The pace and extent of economic development in a country depends on many factors. The type and scope of corruption, the rule of law and the protection of property rights, the levels of trust in a society can all influence the success of reforms and the extent to which different sectors of society will benefit. Can these factors be changed with specific economic policies? If so, what are they and how are they best implemented? Are there country-specific characteristics such as history and culture that determine economic fate? We will consider these questions and more in this class.
This class will have three goals. First, students will be introduced to the most recent research on the aforementioned topics in development economics and political economy. Second, students will learn to use quasi-experimental methods - such as regression discontinuity designs and difference-in-difference designs - to analyze non-experimental data that are often used to generate causal policy evidence for topics that are difficult to study with experimental methods. Finally, students will learn basic R programming skills so that they can analyze data sets, create data visualizations, and apply these quasi-experimental methods. No prior knowledge of R is required.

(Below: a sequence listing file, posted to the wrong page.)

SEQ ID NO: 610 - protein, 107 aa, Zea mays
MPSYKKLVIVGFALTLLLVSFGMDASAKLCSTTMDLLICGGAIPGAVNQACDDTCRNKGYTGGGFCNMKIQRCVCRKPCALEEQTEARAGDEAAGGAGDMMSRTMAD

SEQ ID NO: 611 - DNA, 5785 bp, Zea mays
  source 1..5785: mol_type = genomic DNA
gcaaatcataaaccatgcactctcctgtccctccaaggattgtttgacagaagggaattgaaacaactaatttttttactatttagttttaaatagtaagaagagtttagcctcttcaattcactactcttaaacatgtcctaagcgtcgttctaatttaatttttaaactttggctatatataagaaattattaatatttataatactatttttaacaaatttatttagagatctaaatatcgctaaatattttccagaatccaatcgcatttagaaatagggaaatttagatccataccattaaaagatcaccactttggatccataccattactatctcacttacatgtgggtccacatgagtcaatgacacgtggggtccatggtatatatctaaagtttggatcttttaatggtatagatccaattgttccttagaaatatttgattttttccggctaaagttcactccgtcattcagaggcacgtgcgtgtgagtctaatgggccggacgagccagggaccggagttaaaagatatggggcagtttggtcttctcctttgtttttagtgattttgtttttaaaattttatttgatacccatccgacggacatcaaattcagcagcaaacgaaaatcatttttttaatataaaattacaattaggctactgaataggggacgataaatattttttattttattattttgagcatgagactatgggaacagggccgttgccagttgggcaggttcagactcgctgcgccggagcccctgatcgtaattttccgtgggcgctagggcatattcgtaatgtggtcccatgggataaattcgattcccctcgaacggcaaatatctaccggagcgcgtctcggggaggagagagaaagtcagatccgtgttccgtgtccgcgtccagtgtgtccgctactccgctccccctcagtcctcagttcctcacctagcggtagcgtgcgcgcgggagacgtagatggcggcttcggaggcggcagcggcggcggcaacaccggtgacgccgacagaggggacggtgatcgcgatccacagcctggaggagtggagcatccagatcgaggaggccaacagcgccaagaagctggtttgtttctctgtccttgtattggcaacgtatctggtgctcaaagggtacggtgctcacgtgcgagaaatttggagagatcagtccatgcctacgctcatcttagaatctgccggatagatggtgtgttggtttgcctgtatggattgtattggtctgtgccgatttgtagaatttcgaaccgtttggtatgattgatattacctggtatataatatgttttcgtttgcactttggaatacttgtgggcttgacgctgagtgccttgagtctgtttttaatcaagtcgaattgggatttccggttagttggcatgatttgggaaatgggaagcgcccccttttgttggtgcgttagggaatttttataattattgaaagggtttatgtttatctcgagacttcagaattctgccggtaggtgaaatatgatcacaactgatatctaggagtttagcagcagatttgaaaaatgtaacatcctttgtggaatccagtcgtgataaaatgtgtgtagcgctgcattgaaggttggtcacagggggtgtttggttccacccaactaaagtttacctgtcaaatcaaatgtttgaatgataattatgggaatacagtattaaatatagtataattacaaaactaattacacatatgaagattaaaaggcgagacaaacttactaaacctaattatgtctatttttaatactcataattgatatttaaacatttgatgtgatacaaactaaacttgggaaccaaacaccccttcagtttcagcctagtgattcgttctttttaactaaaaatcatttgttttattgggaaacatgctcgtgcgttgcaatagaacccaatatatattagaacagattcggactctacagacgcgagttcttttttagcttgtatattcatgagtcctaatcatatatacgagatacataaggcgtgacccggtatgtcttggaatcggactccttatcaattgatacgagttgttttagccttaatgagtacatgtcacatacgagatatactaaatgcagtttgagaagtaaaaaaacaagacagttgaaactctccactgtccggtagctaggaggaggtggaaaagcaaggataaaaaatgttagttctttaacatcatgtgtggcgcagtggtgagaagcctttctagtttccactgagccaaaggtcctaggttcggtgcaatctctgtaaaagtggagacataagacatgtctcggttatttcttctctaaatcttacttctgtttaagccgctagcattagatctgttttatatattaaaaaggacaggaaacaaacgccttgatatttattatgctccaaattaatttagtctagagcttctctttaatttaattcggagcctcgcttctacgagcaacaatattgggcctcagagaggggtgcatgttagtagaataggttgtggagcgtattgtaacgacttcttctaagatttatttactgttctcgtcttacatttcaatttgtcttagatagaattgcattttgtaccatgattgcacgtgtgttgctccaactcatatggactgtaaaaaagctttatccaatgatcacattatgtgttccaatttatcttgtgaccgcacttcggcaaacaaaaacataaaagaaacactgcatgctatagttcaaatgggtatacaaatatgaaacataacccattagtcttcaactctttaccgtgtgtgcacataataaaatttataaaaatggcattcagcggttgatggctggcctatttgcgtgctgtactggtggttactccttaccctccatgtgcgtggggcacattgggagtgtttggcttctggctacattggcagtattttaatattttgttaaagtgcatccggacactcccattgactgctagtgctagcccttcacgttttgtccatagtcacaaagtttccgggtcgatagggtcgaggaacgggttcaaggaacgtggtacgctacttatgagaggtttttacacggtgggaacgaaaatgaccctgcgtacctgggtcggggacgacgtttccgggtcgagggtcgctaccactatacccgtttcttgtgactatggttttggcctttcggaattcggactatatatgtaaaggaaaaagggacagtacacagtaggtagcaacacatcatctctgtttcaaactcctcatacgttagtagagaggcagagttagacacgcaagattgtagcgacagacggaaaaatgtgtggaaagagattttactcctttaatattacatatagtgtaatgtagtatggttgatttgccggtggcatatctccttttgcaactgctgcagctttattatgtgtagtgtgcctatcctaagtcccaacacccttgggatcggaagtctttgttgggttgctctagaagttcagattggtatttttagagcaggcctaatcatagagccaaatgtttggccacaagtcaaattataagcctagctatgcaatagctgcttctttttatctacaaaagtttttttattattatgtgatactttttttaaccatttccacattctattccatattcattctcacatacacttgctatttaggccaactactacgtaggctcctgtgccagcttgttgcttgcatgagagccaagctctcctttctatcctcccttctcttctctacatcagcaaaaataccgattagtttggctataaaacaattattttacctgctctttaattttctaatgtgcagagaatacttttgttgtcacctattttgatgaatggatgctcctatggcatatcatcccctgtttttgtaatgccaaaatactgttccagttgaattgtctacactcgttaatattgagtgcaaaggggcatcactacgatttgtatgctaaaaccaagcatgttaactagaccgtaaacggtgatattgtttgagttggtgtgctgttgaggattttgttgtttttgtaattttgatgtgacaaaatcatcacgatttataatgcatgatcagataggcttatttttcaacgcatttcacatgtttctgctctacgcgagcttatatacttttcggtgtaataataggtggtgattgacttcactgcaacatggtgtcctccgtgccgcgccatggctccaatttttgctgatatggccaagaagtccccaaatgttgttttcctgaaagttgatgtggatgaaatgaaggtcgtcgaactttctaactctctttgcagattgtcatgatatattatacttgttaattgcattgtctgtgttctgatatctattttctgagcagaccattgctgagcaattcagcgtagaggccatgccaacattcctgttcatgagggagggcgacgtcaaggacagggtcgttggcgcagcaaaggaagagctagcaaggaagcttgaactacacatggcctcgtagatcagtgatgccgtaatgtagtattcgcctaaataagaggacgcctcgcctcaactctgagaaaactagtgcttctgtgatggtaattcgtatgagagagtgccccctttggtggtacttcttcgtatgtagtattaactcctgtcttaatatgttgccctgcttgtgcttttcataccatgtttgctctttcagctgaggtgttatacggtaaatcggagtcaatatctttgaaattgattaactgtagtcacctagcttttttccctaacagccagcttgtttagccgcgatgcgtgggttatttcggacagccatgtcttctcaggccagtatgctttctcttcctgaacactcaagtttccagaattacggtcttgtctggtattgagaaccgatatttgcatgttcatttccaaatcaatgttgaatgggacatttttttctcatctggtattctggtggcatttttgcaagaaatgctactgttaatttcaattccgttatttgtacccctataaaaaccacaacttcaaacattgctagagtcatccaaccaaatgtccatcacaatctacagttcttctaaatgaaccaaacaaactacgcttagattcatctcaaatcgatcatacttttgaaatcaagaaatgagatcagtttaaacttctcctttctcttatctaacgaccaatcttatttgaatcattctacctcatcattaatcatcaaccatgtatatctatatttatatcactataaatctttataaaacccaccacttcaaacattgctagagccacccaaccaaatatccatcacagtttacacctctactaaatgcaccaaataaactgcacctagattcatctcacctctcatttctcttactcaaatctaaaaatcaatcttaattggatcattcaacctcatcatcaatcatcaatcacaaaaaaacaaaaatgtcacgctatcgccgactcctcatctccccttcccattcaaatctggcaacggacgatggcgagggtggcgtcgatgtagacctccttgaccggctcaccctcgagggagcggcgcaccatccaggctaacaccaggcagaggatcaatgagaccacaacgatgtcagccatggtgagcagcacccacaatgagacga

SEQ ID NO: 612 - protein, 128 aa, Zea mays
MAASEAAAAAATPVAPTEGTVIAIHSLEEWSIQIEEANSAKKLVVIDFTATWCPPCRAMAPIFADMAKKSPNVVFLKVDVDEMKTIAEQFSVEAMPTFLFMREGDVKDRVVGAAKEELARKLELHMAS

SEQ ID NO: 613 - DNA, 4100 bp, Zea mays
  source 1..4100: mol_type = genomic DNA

The course is aimed at MPP, MAE, and other masters' or Ph.D. students who are interested in economic development, or who may wish to use these tools in program design or evaluation. PubPol 639: Program Evaluation or familiarity with (specific techniques) is highly recommended. Assignments will alternate between short memos discussing assigned development economics papers and short R assignments aimed at developing simple programming skills and analyzing development datasets.